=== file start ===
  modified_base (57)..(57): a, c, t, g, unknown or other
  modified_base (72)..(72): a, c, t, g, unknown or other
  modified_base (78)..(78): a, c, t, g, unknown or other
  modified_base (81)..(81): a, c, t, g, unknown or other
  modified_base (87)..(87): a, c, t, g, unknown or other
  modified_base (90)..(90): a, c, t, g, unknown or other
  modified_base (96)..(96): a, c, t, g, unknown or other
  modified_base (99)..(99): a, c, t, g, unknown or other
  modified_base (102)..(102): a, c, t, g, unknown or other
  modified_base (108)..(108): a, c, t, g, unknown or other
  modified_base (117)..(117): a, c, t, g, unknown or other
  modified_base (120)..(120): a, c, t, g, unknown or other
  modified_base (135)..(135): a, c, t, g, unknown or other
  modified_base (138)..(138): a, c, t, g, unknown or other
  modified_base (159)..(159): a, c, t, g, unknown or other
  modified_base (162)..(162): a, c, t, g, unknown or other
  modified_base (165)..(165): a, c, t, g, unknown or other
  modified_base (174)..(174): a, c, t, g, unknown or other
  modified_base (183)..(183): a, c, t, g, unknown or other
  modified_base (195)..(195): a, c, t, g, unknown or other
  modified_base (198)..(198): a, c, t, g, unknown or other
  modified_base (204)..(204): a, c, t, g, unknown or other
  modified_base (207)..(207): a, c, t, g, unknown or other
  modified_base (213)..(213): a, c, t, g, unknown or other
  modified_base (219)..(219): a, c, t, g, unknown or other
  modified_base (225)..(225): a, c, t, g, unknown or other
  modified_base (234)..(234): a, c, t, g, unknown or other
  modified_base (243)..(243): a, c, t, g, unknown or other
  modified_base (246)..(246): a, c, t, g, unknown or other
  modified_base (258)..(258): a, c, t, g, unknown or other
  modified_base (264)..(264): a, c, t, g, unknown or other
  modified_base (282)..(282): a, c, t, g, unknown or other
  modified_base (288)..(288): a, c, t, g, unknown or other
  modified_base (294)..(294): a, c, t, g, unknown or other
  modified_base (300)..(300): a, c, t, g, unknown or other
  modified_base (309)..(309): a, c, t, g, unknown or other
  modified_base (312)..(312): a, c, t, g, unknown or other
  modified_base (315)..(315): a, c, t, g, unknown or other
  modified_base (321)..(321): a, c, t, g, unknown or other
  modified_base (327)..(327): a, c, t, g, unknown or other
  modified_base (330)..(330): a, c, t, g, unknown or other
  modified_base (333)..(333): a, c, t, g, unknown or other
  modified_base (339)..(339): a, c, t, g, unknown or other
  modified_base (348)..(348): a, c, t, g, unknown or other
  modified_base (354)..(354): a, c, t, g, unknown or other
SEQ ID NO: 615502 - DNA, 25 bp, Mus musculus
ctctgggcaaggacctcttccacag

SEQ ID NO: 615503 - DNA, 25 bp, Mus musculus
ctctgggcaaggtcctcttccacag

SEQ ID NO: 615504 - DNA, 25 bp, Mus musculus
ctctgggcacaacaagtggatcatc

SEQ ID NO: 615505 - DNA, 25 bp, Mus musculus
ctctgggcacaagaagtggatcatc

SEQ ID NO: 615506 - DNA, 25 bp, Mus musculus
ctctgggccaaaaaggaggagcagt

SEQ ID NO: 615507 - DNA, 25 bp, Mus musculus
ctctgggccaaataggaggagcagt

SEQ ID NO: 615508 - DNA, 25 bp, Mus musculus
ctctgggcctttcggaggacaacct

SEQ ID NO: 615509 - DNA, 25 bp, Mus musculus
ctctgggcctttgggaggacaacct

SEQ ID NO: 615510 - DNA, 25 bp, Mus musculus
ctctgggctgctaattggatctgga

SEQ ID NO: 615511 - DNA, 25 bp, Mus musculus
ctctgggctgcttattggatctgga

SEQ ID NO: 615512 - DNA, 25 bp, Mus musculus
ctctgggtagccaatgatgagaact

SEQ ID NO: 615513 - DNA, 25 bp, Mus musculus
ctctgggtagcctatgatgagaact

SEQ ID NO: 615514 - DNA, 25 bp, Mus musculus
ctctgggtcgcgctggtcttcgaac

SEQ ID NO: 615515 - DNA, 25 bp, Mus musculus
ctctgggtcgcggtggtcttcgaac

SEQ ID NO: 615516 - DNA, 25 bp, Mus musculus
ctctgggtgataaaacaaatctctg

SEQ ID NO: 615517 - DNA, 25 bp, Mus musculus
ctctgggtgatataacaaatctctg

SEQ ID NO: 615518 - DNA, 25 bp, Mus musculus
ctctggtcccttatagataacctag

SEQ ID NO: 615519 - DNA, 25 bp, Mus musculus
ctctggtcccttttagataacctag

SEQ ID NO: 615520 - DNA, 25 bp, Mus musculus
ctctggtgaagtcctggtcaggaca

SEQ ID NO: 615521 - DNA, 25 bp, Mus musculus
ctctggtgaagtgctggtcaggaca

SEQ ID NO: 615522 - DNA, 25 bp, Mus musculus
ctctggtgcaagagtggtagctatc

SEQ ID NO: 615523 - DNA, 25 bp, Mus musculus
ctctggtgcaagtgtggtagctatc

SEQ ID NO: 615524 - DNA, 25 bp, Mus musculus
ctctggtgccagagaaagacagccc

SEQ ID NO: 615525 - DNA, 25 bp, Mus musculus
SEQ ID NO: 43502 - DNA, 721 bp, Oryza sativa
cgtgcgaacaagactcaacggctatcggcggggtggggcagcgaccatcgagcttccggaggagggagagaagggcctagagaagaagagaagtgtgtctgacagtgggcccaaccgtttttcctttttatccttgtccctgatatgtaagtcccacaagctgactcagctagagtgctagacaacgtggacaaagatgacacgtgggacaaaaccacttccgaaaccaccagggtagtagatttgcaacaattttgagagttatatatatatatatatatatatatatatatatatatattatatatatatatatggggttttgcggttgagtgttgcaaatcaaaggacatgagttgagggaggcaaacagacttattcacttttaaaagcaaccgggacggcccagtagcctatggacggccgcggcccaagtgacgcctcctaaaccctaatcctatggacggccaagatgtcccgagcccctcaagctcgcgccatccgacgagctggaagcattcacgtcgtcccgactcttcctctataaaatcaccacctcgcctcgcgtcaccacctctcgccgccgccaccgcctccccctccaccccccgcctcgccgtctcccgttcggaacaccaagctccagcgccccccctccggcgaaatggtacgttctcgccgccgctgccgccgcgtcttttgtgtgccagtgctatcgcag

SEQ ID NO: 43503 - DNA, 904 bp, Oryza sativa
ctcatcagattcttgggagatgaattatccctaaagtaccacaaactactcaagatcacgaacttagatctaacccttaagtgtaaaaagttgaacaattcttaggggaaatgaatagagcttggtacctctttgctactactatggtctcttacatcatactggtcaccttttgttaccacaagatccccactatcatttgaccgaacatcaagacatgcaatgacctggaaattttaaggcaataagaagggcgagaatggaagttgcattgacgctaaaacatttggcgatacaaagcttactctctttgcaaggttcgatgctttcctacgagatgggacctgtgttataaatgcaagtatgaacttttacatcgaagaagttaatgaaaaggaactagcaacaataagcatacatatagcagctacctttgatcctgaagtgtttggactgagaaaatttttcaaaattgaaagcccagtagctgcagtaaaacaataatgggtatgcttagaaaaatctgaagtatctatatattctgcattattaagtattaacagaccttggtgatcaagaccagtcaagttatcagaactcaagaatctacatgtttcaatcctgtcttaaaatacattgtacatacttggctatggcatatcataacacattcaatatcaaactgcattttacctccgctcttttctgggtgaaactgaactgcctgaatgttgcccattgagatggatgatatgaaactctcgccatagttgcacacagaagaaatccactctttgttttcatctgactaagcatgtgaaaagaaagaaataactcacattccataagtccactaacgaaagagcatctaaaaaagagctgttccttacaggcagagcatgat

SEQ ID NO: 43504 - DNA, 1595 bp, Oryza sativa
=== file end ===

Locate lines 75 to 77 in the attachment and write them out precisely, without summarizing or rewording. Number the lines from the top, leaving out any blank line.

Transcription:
ctctgggtgataaaacaaatctctg

SEQ ID NO: 615517 - DNA, 25 bp, Mus musculus
ctctgggtgatataacaaatctctg